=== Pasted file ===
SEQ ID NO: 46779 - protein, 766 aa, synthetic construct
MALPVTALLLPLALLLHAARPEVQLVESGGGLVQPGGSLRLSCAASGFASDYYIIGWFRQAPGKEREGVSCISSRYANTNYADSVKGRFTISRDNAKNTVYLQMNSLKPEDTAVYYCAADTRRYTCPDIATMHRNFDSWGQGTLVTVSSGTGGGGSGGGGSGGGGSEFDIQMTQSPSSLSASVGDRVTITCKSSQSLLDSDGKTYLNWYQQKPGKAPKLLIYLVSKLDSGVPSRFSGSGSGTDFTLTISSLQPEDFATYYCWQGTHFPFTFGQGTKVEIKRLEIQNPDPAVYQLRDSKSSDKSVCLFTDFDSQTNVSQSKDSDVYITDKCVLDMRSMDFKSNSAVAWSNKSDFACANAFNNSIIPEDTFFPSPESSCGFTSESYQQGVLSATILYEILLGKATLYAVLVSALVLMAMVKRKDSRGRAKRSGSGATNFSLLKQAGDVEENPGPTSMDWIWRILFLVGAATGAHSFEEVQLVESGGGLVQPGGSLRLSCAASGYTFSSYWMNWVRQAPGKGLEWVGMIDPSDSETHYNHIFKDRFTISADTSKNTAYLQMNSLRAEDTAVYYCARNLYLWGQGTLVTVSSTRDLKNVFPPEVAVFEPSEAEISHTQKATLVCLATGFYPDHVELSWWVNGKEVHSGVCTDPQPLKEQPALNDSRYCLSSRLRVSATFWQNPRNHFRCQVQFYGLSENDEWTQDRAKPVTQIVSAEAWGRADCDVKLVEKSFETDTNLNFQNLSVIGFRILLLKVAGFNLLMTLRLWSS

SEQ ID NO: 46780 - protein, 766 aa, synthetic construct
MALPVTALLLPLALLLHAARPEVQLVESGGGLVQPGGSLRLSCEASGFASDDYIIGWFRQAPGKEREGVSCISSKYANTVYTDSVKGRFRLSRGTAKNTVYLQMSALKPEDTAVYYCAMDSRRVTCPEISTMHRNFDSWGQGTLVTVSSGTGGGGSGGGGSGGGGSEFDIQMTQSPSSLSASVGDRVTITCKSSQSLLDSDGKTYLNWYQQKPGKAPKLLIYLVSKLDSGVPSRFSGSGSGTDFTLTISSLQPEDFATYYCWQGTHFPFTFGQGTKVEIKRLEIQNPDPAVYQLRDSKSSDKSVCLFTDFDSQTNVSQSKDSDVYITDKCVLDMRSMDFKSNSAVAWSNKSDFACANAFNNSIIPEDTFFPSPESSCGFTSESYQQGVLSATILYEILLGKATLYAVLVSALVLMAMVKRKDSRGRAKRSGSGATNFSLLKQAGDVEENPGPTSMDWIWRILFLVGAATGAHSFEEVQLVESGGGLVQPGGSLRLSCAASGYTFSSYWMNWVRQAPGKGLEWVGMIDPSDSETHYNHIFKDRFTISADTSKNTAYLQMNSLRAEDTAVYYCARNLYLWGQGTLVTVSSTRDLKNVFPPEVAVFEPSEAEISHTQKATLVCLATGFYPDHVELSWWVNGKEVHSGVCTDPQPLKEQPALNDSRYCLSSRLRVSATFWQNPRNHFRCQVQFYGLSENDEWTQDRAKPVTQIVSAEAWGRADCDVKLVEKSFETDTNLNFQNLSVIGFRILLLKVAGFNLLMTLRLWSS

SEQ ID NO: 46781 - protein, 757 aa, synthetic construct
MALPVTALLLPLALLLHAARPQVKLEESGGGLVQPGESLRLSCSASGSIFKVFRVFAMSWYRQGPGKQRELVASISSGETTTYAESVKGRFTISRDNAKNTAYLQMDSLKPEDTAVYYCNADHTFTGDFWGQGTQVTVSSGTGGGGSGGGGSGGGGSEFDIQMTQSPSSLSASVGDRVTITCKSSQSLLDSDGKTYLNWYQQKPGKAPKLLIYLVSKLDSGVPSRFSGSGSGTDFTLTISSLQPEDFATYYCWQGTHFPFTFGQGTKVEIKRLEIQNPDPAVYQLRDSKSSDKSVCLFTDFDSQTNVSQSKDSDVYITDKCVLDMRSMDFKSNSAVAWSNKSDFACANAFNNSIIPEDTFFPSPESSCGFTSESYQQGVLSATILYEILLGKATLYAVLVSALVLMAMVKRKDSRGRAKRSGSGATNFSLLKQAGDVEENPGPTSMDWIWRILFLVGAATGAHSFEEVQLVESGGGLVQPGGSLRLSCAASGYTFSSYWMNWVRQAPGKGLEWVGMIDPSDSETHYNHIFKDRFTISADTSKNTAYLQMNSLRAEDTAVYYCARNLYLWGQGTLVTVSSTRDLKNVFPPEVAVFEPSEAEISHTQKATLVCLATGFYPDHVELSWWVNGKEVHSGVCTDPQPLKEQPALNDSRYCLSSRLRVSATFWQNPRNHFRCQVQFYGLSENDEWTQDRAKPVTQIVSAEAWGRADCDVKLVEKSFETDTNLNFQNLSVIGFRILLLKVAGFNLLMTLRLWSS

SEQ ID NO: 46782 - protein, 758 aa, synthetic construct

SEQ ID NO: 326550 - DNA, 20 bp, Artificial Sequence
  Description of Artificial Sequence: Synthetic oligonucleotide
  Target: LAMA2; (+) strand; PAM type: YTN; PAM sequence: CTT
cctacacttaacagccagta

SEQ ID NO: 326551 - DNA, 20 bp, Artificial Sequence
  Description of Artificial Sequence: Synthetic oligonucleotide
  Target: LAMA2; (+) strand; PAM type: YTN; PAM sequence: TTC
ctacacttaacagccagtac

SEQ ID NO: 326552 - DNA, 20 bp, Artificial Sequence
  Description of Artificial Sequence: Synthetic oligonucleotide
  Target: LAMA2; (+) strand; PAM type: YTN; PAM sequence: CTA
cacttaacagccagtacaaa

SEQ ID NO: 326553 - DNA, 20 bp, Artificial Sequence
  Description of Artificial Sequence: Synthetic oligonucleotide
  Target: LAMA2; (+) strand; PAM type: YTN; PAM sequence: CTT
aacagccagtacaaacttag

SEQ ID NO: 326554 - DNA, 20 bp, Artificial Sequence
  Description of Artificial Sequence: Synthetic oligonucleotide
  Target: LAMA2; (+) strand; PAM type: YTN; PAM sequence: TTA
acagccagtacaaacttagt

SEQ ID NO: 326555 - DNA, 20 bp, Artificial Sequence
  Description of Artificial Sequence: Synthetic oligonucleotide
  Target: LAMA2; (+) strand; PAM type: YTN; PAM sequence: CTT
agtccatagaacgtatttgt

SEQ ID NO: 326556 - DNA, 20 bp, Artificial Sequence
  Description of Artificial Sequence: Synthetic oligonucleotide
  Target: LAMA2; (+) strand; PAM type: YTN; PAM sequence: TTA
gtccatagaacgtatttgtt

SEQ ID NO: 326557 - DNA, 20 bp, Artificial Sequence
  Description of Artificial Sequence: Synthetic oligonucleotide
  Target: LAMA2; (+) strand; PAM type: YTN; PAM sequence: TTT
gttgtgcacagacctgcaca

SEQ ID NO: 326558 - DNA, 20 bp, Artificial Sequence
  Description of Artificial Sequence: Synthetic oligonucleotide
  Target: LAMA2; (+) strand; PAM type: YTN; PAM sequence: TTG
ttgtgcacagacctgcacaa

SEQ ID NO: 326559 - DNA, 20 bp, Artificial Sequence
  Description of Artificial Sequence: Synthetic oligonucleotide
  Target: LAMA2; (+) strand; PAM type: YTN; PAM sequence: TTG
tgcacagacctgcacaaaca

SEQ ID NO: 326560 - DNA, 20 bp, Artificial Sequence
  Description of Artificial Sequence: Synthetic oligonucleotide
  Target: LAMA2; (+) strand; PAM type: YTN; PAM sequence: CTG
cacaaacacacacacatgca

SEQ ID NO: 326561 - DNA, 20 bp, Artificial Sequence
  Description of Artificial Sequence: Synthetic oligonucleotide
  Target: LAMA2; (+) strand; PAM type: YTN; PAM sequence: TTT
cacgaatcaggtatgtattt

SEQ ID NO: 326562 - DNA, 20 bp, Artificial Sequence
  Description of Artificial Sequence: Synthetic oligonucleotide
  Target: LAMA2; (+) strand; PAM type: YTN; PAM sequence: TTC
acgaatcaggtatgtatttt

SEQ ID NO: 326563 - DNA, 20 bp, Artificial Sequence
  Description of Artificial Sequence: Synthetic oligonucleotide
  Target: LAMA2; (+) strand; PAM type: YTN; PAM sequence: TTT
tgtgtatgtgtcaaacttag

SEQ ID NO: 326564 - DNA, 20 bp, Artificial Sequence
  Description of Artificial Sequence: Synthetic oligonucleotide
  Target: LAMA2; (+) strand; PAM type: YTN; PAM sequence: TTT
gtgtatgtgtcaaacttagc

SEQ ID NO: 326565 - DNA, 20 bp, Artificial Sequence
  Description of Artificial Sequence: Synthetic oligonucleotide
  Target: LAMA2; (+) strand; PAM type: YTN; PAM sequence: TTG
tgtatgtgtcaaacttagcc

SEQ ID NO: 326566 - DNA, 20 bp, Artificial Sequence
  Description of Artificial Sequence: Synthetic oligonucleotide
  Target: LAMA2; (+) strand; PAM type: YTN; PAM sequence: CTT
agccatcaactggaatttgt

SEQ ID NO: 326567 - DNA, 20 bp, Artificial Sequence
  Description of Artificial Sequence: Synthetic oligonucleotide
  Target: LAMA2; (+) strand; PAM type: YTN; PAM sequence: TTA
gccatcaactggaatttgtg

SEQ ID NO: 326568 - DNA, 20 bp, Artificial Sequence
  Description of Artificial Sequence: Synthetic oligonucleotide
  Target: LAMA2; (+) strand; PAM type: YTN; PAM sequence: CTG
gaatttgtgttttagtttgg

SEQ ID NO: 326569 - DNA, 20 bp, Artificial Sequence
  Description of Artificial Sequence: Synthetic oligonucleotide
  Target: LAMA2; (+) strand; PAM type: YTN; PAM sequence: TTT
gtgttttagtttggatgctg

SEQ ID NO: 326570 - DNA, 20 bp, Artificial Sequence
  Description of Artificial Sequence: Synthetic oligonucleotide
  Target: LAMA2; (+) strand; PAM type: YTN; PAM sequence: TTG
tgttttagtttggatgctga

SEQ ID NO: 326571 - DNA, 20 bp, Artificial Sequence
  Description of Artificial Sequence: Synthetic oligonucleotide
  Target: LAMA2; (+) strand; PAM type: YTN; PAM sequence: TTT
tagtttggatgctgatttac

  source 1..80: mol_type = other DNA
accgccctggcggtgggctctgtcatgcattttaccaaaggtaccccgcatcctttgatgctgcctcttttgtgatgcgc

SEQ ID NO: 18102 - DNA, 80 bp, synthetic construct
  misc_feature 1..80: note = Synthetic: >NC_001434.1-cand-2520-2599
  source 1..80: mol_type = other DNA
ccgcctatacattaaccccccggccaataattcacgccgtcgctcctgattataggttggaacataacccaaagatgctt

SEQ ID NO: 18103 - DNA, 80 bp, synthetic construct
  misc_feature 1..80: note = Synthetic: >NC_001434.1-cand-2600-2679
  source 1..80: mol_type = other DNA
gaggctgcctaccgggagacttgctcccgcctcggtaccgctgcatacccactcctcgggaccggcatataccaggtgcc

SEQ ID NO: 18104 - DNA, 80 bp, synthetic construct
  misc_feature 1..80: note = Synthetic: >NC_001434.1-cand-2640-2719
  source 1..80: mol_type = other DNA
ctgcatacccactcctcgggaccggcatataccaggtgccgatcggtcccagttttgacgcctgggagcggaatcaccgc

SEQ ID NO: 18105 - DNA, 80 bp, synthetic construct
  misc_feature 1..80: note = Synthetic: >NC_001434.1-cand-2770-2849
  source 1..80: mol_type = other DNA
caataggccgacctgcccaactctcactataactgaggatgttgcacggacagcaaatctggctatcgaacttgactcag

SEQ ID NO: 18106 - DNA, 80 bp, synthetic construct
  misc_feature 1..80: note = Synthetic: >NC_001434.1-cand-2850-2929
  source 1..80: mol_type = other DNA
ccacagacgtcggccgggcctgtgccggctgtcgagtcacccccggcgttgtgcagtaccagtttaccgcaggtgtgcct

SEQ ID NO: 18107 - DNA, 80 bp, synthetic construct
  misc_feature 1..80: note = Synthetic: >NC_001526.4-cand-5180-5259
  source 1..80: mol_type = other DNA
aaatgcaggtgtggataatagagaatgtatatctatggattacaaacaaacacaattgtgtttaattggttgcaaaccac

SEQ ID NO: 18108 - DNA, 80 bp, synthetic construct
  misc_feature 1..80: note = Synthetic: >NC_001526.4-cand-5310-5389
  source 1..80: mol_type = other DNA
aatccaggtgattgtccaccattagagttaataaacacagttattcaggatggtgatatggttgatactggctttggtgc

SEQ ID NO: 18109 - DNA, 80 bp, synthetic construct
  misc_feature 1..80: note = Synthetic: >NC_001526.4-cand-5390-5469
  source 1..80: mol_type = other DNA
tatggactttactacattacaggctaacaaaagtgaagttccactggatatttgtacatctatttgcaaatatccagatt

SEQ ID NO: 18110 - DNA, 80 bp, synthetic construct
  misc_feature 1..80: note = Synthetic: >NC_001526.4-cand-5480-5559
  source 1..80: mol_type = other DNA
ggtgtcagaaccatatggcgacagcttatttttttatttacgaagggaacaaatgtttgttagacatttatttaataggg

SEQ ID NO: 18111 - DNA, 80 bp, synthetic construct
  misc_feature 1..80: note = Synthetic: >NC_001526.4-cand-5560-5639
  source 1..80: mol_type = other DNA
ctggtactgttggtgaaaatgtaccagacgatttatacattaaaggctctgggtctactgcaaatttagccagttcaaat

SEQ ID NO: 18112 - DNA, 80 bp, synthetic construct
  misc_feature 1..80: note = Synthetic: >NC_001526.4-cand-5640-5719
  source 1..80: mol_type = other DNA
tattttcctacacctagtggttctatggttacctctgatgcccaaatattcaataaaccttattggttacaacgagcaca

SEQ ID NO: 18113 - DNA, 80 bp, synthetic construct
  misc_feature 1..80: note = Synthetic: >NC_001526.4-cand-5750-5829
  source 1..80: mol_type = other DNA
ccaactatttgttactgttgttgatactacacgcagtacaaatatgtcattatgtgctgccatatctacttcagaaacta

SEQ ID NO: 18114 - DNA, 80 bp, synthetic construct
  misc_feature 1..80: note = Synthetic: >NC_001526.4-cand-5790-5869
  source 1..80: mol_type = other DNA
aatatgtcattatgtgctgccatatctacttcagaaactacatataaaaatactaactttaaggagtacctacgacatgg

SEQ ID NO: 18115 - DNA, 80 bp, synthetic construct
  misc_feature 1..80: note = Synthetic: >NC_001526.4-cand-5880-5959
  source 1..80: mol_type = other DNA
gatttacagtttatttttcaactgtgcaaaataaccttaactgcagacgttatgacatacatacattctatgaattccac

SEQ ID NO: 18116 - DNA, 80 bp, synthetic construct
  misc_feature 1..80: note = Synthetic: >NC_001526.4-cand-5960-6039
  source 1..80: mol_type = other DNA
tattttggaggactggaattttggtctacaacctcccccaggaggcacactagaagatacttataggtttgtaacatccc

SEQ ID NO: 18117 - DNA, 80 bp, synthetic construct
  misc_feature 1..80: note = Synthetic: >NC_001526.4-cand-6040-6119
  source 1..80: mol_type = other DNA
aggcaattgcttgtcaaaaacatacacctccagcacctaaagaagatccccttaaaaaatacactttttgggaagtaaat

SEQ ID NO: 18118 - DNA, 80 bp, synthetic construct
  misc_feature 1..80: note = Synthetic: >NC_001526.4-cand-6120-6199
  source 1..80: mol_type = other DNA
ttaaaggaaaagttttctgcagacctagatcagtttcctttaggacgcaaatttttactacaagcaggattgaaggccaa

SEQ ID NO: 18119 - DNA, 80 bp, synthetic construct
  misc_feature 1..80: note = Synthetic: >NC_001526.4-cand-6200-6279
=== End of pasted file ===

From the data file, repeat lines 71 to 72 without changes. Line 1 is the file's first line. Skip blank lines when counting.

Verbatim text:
tgtatgtgtcaaacttagcc

SEQ ID NO: 326566 - DNA, 20 bp, Artificial Sequence